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Representing Industrial decarbonization Options in TIMES Belgium model

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Representing Industrial decarbonization Options in TIMES Belgium model

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Representing Industrial decarbonization Options in TIMES Belgium model
Dr. Partha Das, VITO NV (The Flemish institute for technological research), Belgium.

Representing Industrial decarbonization Options in TIMES Belgium model
Dr. Partha Das, VITO NV (The Flemish institute for technological research), Belgium.

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Representing Industrial decarbonization Options in TIMES Belgium model

  1. 1. SESAM@VITO-EnergyVille Energy system modelling 15 + 3 PhD • Techno-economic model development • Long term system scenarios • Focus on pathways to net-zero 2050 LCA energy technology 5 + 2 PhD • LCA analysis for new energy technologies • Integrate LCA with other sustainability assessment methods/tools SESAM Sustainable Energy Systems Assessment & Modelling
  2. 2. Agenda • Industrial energy consumption and CO2 emission in Belgium • Industry representation within TIMES-BE model • Improved modeling of industrial sector • Various decarbonizing options • Indicative results • Discussion
  3. 3. Belgium is an industry hotspot Source: AidRES project, 2021 Chemical Steel
  4. 4. Belgium Industry: Energy Consumption and CO2 Emission
  5. 5. Steel Ammonia Chlorine Ethylene Oxide High Value Chemicals Other Chemicals Copper Zinc Other Non-Ferrous Cement Lime Glass Bricks Food Pulp & Paper Others and NEU** * Chemical, Mechanical and recycled pulp. * *Non-Energy without chemical non-energy use Ind. Processes BF-BOF & EAF Haber-Bosch & SMR Electrolysis (membrane) Ethylene Oxidation Steam Cracker General (electricity + heat) Copper furnace & recycling Pyrometallurgical process General Process Kiln - Grinding Crushing - calcination Float, container and recycled Drying - Firing General (electricity + heat) Pulp (Ch, Mc, Rc)* + Paper General (electricity + heat) CHP Electricity and Heat Biofuels & Biomass Power Sector Biomass, Biodiesel, Bioethanol and Waste Refineries LPG, Diesel, Gasoline, Kerosene, Fuel Oil, Naphtha and Others Imports Steel Chemical Non-ferrous metals Non-metallic minerals Food Pulp & Paper Others Electricity Coal, Coke, LPG, Naphtha, Nat Gas and Biomass TIMES-BE model: Industrial sector representation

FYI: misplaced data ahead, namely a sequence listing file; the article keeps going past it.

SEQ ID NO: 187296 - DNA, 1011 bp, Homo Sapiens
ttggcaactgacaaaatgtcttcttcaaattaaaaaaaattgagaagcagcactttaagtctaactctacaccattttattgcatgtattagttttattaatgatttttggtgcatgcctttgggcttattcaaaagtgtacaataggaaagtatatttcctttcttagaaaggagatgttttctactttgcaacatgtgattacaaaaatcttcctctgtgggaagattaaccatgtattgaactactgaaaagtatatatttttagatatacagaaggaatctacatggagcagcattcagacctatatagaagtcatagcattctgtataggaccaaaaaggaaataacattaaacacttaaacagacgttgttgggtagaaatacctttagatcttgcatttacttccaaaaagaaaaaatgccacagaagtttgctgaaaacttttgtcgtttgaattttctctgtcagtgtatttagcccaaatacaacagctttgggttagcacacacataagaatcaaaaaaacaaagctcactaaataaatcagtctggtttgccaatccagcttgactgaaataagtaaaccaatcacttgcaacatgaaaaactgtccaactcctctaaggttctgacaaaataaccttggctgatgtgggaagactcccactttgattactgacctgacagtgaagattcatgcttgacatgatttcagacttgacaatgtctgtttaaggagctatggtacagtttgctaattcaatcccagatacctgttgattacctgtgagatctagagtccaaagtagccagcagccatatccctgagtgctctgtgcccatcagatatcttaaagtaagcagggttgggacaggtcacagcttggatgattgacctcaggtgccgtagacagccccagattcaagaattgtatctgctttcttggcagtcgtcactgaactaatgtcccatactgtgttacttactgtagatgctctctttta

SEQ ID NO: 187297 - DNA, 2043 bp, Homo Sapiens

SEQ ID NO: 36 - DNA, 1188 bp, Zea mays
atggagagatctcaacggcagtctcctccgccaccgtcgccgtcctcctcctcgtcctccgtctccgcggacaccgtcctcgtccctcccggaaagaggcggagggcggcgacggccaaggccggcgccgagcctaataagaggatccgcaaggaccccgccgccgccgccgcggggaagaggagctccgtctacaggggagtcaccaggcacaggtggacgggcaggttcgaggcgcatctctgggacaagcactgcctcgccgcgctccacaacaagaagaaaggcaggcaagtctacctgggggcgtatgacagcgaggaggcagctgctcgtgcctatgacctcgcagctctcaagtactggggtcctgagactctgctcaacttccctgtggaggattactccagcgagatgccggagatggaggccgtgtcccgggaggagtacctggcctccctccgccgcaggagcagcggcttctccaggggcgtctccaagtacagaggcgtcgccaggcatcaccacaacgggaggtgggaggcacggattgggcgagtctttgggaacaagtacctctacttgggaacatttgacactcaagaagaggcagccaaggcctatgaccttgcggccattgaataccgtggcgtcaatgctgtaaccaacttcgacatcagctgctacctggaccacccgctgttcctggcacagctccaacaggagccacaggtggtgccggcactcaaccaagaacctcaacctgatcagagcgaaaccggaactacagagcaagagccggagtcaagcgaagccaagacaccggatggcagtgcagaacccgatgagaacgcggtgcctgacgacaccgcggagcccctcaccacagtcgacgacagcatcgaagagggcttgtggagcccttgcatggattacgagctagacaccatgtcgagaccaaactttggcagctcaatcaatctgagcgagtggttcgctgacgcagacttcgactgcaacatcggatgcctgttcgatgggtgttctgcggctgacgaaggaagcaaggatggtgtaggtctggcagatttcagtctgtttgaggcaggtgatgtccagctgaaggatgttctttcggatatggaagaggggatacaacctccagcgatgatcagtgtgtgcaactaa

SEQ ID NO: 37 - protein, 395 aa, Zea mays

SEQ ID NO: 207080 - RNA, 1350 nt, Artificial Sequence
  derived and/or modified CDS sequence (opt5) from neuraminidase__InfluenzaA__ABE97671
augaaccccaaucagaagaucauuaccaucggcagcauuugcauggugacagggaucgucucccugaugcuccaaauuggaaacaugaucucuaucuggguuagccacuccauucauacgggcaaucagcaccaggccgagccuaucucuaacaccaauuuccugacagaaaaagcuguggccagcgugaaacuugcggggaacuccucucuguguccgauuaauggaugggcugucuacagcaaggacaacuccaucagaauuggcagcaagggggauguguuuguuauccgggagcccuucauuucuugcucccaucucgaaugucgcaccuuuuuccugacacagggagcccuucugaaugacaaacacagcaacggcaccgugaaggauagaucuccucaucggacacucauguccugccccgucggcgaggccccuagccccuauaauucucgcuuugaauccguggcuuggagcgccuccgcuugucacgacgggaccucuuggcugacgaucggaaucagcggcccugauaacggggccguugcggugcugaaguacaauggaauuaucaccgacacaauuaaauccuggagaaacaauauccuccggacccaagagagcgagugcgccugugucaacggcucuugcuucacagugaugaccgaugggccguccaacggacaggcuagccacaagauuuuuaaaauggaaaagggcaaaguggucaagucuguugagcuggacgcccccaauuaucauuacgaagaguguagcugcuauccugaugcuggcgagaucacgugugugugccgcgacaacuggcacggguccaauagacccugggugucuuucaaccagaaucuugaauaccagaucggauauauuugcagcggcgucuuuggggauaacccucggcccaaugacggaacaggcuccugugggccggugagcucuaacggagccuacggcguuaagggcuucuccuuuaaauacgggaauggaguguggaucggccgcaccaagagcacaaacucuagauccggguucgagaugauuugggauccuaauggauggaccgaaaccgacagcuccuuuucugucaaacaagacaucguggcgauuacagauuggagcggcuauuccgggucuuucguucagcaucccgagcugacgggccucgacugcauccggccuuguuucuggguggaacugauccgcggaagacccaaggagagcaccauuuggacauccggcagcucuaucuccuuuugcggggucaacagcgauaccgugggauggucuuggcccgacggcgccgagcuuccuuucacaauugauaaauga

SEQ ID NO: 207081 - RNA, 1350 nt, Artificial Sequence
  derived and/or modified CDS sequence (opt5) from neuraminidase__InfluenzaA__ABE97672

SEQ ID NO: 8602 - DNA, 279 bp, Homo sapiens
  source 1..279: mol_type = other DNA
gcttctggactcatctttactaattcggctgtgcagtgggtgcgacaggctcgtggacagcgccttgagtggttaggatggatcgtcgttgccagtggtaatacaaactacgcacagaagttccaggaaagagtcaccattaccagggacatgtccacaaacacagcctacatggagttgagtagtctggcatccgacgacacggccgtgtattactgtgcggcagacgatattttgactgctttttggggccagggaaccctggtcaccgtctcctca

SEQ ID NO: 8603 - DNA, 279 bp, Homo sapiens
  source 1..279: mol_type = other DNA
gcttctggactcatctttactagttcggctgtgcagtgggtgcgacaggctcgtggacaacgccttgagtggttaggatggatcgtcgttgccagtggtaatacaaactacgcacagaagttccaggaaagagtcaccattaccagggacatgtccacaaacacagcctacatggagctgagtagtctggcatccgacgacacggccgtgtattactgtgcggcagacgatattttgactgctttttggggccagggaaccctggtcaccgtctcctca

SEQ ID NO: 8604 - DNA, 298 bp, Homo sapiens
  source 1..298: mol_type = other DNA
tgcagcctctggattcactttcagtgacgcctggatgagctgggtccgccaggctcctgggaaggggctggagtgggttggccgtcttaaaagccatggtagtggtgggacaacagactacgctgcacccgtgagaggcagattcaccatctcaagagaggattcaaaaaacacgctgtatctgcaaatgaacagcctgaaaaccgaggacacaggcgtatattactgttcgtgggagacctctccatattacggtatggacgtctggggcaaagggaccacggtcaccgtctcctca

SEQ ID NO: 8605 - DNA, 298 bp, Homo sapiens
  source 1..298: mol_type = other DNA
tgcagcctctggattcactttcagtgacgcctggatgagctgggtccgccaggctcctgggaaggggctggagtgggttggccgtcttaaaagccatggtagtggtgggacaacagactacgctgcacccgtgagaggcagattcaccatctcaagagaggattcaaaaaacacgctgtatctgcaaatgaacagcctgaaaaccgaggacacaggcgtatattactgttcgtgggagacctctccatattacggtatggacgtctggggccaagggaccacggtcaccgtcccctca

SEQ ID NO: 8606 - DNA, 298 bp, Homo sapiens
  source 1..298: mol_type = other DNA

6. 6. Improved modeling of Industry Sector in TIMES-BE model Technological detailing Decarbonization options Flexibility
  7. 7. Decarbonization options for Industry Sector Fuel Substitution Electrification Molecules CCU/S Iron & Steel BF - H2 Injections EAF (ELC+Biomas) MOE EAF (100% ELC) H-DRI BF/BOF + CCU/S NG-DRI + CCU/S Amine absorption Ammonia Haber–Bosch (H2) Pyrolysis SMR+CCUS High Value Chemicals Electro plastics MTO MTA Advanced steam crackers & CCS Other Chemicals Heat pumps Electric steam boilers Electrode Steam boilers Electric heaters Hydrogen boilers Hydrogen heaters Cement Waste and biomass Plasma heaters H2 substitution of fuel in Kiln Amine absorption CCS-oxy fuel MEA Glass Green methane 100% electric Electric boosting H2 heaters Amine absorption
  8. 8. Decarbonization options for Industry Sector Fuel Substitution Electrification Molecules CCU/S Brick Green CH4 Microwave heaters Microwave-assisted gas firing (MAGF) H2 heaters Amine absorption Lime Waste and biomass Plasma heaters H2 substitution of fuel in Kiln Amine absorption Other non-metallic minerals Electric tunnel kiln H2 -based high temperature heat Amine absorption Copper H2 anode furnace Zink Biogas burners Electric burners Amine absorption Other non-ferrous metals Biogas burners Electric heaters H2 based heaters Amine absorption Food Electric boilers Heat pump Electric heaters H2 boilers Pulp and Paper Electric boilers Heat pump Electric heaters